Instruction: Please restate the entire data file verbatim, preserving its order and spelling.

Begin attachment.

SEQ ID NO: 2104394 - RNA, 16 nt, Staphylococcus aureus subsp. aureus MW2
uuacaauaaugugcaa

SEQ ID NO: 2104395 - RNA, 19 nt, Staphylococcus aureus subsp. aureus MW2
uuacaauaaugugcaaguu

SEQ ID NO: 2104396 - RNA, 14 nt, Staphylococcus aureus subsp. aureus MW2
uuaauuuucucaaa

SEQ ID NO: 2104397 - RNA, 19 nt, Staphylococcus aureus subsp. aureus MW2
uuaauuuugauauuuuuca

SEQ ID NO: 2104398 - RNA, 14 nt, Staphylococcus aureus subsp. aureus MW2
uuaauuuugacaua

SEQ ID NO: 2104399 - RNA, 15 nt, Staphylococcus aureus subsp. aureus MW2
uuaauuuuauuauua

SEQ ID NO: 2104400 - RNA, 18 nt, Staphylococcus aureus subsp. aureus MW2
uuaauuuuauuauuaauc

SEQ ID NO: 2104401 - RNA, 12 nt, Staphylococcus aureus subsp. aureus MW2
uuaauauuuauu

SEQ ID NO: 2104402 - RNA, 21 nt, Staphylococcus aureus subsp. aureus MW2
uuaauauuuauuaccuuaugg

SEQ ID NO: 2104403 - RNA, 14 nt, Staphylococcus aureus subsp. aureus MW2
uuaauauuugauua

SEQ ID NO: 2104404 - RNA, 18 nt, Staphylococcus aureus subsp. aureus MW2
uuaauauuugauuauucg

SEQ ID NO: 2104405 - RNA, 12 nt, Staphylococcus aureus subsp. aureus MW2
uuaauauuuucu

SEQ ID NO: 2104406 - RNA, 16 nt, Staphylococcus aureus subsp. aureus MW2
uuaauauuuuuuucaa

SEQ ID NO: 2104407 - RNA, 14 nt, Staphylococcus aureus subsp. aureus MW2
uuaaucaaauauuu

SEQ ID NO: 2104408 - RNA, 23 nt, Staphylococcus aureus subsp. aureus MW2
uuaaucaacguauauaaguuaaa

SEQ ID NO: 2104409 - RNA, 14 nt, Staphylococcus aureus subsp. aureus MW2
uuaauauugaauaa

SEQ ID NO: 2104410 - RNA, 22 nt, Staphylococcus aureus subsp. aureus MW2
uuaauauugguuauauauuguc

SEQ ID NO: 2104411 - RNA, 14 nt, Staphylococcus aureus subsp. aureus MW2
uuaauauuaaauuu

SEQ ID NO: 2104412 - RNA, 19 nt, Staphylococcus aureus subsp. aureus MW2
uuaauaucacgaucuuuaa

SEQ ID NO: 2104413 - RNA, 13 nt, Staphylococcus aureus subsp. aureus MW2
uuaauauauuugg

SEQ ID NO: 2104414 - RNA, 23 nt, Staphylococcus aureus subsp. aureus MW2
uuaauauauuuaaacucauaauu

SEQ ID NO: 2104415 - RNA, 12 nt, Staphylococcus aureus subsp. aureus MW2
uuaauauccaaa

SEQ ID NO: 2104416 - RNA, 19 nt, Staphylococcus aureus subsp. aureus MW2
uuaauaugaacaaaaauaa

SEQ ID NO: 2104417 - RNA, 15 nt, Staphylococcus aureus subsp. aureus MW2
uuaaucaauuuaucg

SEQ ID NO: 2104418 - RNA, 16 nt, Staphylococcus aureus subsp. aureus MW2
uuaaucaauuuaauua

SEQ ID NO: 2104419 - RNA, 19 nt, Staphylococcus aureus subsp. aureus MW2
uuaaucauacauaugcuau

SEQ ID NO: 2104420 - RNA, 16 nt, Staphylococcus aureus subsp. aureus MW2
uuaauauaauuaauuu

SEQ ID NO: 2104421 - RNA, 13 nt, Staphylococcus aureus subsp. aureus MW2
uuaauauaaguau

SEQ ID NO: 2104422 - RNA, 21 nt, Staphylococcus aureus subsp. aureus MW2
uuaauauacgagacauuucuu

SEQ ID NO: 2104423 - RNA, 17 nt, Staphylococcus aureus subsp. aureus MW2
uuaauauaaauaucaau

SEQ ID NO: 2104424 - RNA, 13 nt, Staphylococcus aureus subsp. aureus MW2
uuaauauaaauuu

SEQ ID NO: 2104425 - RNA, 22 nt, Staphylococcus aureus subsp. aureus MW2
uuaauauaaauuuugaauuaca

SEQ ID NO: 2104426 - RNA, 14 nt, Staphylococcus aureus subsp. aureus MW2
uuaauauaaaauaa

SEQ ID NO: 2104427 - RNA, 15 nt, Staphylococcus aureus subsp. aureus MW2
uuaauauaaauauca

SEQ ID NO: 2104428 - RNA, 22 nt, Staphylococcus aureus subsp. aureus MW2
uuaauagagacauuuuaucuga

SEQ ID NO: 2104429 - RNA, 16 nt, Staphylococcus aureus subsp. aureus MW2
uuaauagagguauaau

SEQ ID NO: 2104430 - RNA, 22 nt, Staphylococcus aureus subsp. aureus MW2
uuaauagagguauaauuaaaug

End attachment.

SEQ ID NO: 2104394 - RNA, 16 nt, Staphylococcus aureus subsp. aureus MW2
uuacaauaaugugcaa

SEQ ID NO: 2104395 - RNA, 19 nt, Staphylococcus aureus subsp. aureus MW2
uuacaauaaugugcaaguu

SEQ ID NO: 2104396 - RNA, 14 nt, Staphylococcus aureus subsp. aureus MW2
uuaauuuucucaaa

SEQ ID NO: 2104397 - RNA, 19 nt, Staphylococcus aureus subsp. aureus MW2
uuaauuuugauauuuuuca

SEQ ID NO: 2104398 - RNA, 14 nt, Staphylococcus aureus subsp. aureus MW2
uuaauuuugacaua

SEQ ID NO: 2104399 - RNA, 15 nt, Staphylococcus aureus subsp. aureus MW2
uuaauuuuauuauua

SEQ ID NO: 2104400 - RNA, 18 nt, Staphylococcus aureus subsp. aureus MW2
uuaauuuuauuauuaauc

SEQ ID NO: 2104401 - RNA, 12 nt, Staphylococcus aureus subsp. aureus MW2
uuaauauuuauu

SEQ ID NO: 2104402 - RNA, 21 nt, Staphylococcus aureus subsp. aureus MW2
uuaauauuuauuaccuuaugg

SEQ ID NO: 2104403 - RNA, 14 nt, Staphylococcus aureus subsp. aureus MW2
uuaauauuugauua

SEQ ID NO: 2104404 - RNA, 18 nt, Staphylococcus aureus subsp. aureus MW2
uuaauauuugauuauucg

SEQ ID NO: 2104405 - RNA, 12 nt, Staphylococcus aureus subsp. aureus MW2
uuaauauuuucu

SEQ ID NO: 2104406 - RNA, 16 nt, Staphylococcus aureus subsp. aureus MW2
uuaauauuuuuuucaa

SEQ ID NO: 2104407 - RNA, 14 nt, Staphylococcus aureus subsp. aureus MW2
uuaaucaaauauuu

SEQ ID NO: 2104408 - RNA, 23 nt, Staphylococcus aureus subsp. aureus MW2
uuaaucaacguauauaaguuaaa

SEQ ID NO: 2104409 - RNA, 14 nt, Staphylococcus aureus subsp. aureus MW2
uuaauauugaauaa

SEQ ID NO: 2104410 - RNA, 22 nt, Staphylococcus aureus subsp. aureus MW2
uuaauauugguuauauauuguc

SEQ ID NO: 2104411 - RNA, 14 nt, Staphylococcus aureus subsp. aureus MW2
uuaauauuaaauuu

SEQ ID NO: 2104412 - RNA, 19 nt, Staphylococcus aureus subsp. aureus MW2
uuaauaucacgaucuuuaa

SEQ ID NO: 2104413 - RNA, 13 nt, Staphylococcus aureus subsp. aureus MW2
uuaauauauuugg

SEQ ID NO: 2104414 - RNA, 23 nt, Staphylococcus aureus subsp. aureus MW2
uuaauauauuuaaacucauaauu

SEQ ID NO: 2104415 - RNA, 12 nt, Staphylococcus aureus subsp. aureus MW2
uuaauauccaaa

SEQ ID NO: 2104416 - RNA, 19 nt, Staphylococcus aureus subsp. aureus MW2
uuaauaugaacaaaaauaa

SEQ ID NO: 2104417 - RNA, 15 nt, Staphylococcus aureus subsp. aureus MW2
uuaaucaauuuaucg

SEQ ID NO: 2104418 - RNA, 16 nt, Staphylococcus aureus subsp. aureus MW2
uuaaucaauuuaauua

SEQ ID NO: 2104419 - RNA, 19 nt, Staphylococcus aureus subsp. aureus MW2
uuaaucauacauaugcuau

SEQ ID NO: 2104420 - RNA, 16 nt, Staphylococcus aureus subsp. aureus MW2
uuaauauaauuaauuu

SEQ ID NO: 2104421 - RNA, 13 nt, Staphylococcus aureus subsp. aureus MW2
uuaauauaaguau

SEQ ID NO: 2104422 - RNA, 21 nt, Staphylococcus aureus subsp. aureus MW2
uuaauauacgagacauuucuu

SEQ ID NO: 2104423 - RNA, 17 nt, Staphylococcus aureus subsp. aureus MW2
uuaauauaaauaucaau

SEQ ID NO: 2104424 - RNA, 13 nt, Staphylococcus aureus subsp. aureus MW2
uuaauauaaauuu

SEQ ID NO: 2104425 - RNA, 22 nt, Staphylococcus aureus subsp. aureus MW2
uuaauauaaauuuugaauuaca

SEQ ID NO: 2104426 - RNA, 14 nt, Staphylococcus aureus subsp. aureus MW2
uuaauauaaaauaa

SEQ ID NO: 2104427 - RNA, 15 nt, Staphylococcus aureus subsp. aureus MW2
uuaauauaaauauca

SEQ ID NO: 2104428 - RNA, 22 nt, Staphylococcus aureus subsp. aureus MW2
uuaauagagacauuuuaucuga

SEQ ID NO: 2104429 - RNA, 16 nt, Staphylococcus aureus subsp. aureus MW2
uuaauagagguauaau

SEQ ID NO: 2104430 - RNA, 22 nt, Staphylococcus aureus subsp. aureus MW2
uuaauagagguauaauuaaaug